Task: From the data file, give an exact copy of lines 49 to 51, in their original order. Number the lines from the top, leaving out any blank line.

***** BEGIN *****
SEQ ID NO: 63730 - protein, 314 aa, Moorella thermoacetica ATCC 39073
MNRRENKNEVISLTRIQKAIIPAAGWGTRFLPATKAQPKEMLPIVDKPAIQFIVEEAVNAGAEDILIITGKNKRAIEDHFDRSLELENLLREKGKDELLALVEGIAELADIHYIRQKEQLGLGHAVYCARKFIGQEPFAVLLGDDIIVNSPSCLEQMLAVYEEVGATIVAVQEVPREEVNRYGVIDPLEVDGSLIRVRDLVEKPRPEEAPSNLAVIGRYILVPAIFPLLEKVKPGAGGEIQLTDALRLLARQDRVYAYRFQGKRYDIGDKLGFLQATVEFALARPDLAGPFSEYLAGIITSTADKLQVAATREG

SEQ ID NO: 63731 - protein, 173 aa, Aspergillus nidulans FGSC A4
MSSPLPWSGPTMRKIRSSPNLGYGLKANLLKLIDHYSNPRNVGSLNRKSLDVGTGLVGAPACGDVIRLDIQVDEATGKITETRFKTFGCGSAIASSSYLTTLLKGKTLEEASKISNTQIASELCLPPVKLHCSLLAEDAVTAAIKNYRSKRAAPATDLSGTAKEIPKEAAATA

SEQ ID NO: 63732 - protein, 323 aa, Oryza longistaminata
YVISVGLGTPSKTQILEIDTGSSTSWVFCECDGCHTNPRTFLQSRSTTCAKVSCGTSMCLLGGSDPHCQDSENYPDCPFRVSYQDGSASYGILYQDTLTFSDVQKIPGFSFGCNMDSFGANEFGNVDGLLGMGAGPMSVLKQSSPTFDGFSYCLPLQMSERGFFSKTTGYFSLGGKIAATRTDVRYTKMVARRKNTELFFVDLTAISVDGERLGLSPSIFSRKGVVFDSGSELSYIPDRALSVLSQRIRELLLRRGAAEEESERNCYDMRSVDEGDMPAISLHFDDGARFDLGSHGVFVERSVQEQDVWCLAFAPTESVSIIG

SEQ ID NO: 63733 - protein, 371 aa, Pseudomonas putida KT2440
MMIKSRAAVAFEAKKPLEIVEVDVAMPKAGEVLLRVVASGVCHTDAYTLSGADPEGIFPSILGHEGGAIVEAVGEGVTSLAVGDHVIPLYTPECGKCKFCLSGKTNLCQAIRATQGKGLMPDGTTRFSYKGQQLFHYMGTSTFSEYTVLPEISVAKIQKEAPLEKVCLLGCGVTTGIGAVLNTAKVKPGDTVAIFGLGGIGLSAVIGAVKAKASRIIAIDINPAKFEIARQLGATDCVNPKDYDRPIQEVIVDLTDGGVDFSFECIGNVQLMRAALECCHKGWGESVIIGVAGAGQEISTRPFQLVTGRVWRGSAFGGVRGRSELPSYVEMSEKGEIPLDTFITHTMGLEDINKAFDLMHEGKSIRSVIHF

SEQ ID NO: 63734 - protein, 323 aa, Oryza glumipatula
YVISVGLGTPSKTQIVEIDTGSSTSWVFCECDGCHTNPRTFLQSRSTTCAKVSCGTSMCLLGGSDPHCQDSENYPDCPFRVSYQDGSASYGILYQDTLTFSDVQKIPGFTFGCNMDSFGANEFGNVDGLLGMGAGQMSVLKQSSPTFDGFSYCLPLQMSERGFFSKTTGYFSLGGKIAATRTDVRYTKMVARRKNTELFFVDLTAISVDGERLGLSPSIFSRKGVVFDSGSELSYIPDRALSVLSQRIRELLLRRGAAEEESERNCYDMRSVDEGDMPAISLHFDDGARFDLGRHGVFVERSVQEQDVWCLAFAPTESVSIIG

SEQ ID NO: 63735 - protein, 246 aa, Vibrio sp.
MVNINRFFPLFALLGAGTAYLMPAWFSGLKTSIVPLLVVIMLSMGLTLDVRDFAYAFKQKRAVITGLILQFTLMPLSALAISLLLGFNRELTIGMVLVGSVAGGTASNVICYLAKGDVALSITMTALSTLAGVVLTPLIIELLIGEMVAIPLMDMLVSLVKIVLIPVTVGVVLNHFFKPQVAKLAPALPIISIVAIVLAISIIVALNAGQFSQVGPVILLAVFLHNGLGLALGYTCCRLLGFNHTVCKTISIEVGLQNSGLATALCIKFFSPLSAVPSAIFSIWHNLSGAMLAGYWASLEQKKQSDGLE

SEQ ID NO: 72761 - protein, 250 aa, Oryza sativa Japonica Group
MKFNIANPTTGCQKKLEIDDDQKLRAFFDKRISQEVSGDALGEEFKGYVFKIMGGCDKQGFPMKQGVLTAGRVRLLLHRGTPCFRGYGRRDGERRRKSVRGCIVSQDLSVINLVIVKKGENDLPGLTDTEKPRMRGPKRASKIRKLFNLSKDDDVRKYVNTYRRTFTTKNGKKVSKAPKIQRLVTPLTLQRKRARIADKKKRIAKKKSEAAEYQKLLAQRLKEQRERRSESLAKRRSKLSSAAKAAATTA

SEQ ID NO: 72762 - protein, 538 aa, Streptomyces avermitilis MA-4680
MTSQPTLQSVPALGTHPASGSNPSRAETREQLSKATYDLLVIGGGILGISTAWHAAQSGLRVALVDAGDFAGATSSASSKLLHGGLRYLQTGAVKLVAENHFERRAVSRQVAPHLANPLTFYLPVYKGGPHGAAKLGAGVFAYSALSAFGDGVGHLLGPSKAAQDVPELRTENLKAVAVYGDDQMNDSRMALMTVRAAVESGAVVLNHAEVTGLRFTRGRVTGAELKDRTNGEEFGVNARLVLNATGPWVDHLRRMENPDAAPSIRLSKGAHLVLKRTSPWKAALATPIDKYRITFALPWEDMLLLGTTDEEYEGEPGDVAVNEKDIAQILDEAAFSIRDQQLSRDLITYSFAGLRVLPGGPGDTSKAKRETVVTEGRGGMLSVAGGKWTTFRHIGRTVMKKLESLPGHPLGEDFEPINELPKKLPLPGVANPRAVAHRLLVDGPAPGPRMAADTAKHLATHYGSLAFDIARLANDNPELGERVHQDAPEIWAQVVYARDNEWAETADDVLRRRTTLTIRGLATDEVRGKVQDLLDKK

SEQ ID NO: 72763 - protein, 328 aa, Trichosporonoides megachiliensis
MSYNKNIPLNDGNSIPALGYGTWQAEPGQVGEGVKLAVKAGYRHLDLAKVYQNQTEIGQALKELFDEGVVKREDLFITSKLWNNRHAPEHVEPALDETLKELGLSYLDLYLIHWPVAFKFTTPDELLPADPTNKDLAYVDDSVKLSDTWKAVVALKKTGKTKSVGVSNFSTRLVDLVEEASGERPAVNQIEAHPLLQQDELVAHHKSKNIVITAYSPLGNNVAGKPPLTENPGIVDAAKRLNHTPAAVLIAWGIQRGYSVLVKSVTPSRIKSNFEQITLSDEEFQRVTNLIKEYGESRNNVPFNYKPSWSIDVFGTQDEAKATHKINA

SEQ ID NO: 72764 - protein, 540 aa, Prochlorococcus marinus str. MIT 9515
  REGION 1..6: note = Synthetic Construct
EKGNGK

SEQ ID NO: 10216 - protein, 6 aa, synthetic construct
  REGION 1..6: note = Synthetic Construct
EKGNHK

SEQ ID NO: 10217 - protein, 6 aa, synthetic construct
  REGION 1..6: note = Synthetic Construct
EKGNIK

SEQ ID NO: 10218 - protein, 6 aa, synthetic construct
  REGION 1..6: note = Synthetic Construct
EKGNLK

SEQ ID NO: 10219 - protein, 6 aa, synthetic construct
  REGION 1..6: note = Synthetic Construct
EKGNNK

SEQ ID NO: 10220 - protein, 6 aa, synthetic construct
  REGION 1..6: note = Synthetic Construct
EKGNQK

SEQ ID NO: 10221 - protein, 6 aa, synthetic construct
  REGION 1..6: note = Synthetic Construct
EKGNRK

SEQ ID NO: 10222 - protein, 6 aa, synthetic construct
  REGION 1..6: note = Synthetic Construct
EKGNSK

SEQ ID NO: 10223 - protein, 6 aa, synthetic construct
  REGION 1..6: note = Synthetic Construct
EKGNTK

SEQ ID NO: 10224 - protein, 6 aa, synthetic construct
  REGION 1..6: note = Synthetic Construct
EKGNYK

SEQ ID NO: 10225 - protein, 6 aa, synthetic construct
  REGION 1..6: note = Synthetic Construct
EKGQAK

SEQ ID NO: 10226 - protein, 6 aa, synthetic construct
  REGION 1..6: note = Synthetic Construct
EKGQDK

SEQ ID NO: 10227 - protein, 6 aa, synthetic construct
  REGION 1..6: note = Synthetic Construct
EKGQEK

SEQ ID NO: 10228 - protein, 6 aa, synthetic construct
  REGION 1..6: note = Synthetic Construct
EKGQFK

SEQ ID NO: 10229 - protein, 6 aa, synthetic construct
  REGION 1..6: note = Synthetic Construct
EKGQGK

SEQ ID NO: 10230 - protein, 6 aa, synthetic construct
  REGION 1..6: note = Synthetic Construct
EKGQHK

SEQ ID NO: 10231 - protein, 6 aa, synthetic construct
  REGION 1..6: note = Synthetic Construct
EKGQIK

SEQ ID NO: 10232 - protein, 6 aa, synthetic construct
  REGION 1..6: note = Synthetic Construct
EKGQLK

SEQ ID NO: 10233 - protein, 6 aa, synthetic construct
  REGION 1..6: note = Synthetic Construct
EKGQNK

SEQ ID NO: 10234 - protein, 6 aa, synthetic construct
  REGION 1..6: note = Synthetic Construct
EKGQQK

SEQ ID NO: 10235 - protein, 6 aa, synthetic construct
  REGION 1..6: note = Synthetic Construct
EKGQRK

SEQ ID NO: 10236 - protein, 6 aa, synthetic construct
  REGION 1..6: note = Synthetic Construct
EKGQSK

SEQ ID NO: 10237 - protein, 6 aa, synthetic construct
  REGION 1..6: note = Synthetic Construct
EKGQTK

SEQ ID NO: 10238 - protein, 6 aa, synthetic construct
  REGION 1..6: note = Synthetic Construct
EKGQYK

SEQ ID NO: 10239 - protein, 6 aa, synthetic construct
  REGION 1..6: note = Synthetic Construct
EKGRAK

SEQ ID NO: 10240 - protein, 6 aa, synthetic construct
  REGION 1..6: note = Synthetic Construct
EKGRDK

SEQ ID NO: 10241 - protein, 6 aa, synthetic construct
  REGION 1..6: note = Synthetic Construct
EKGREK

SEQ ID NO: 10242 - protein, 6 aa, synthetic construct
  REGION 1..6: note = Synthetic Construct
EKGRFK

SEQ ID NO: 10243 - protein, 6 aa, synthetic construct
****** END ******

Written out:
SEQ ID NO: 10225 - protein, 6 aa, synthetic construct
  REGION 1..6: note = Synthetic Construct
EKGQAK